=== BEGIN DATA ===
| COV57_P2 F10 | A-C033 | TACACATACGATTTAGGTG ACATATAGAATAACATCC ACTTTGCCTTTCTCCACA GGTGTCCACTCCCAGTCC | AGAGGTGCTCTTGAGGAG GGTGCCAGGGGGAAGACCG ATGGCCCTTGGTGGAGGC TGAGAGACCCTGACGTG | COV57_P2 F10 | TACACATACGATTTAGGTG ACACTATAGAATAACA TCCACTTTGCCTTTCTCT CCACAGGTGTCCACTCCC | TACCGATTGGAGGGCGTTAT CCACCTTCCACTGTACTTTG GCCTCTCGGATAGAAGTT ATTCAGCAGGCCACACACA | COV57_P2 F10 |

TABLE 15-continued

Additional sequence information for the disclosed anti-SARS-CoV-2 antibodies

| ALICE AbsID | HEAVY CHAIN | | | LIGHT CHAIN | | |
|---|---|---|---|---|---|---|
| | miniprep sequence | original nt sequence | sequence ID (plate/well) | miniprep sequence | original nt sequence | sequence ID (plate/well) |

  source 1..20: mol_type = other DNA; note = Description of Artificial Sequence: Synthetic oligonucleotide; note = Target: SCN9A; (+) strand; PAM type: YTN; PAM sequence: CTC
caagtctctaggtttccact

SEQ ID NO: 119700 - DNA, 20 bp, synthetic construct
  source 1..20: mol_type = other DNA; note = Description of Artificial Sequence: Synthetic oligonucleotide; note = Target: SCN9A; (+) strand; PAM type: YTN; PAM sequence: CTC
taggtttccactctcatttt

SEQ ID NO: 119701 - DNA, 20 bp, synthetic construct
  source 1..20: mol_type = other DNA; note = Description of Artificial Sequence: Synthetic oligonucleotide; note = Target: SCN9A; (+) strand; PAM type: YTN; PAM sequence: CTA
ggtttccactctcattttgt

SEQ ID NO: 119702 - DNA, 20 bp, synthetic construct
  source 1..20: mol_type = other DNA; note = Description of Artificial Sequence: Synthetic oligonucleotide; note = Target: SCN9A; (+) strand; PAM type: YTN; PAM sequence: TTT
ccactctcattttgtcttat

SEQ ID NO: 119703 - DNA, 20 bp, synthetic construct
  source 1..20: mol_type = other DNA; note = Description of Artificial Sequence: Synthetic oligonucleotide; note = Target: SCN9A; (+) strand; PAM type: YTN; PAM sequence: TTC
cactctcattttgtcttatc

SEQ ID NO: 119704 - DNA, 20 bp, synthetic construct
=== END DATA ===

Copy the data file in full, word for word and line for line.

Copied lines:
| COV57_P2 F10 | A-C033 | TACACATACGATTTAGGTG ACATATAGAATAACATCC ACTTTGCCTTTCTCCACA GGTGTCCACTCCCAGTCC | AGAGGTGCTCTTGAGGAG GGTGCCAGGGGGAAGACCG ATGGCCCTTGGTGGAGGC TGAGAGACCCTGACGTG | COV57_P2 F10 | TACACATACGATTTAGGTG ACACTATAGAATAACA TCCACTTTGCCTTTCTCT CCACAGGTGTCCACTCCC | TACCGATTGGAGGGCGTTAT CCACCTTCCACTGTACTTTG GCCTCTCGGATAGAAGTT ATTCAGCAGGCCACACACA | COV57_P2 F10 |

TABLE 15-continued

Additional sequence information for the disclosed anti-SARS-CoV-2 antibodies

| ALICE AbsID | HEAVY CHAIN | | | LIGHT CHAIN | | |
|---|---|---|---|---|---|---|
| | miniprep sequence | original nt sequence | sequence ID (plate/well) | miniprep sequence | original nt sequence | sequence ID (plate/well) |

  source 1..20: mol_type = other DNA; note = Description of Artificial Sequence: Synthetic oligonucleotide; note = Target: SCN9A; (+) strand; PAM type: YTN; PAM sequence: CTC
caagtctctaggtttccact

SEQ ID NO: 119700 - DNA, 20 bp, synthetic construct
  source 1..20: mol_type = other DNA; note = Description of Artificial Sequence: Synthetic oligonucleotide; note = Target: SCN9A; (+) strand; PAM type: YTN; PAM sequence: CTC
taggtttccactctcatttt

SEQ ID NO: 119701 - DNA, 20 bp, synthetic construct
  source 1..20: mol_type = other DNA; note = Description of Artificial Sequence: Synthetic oligonucleotide; note = Target: SCN9A; (+) strand; PAM type: YTN; PAM sequence: CTA
ggtttccactctcattttgt

SEQ ID NO: 119702 - DNA, 20 bp, synthetic construct
  source 1..20: mol_type = other DNA; note = Description of Artificial Sequence: Synthetic oligonucleotide; note = Target: SCN9A; (+) strand; PAM type: YTN; PAM sequence: TTT
ccactctcattttgtcttat

SEQ ID NO: 119703 - DNA, 20 bp, synthetic construct
  source 1..20: mol_type = other DNA; note = Description of Artificial Sequence: Synthetic oligonucleotide; note = Target: SCN9A; (+) strand; PAM type: YTN; PAM sequence: TTC
cactctcattttgtcttatc

SEQ ID NO: 119704 - DNA, 20 bp, synthetic construct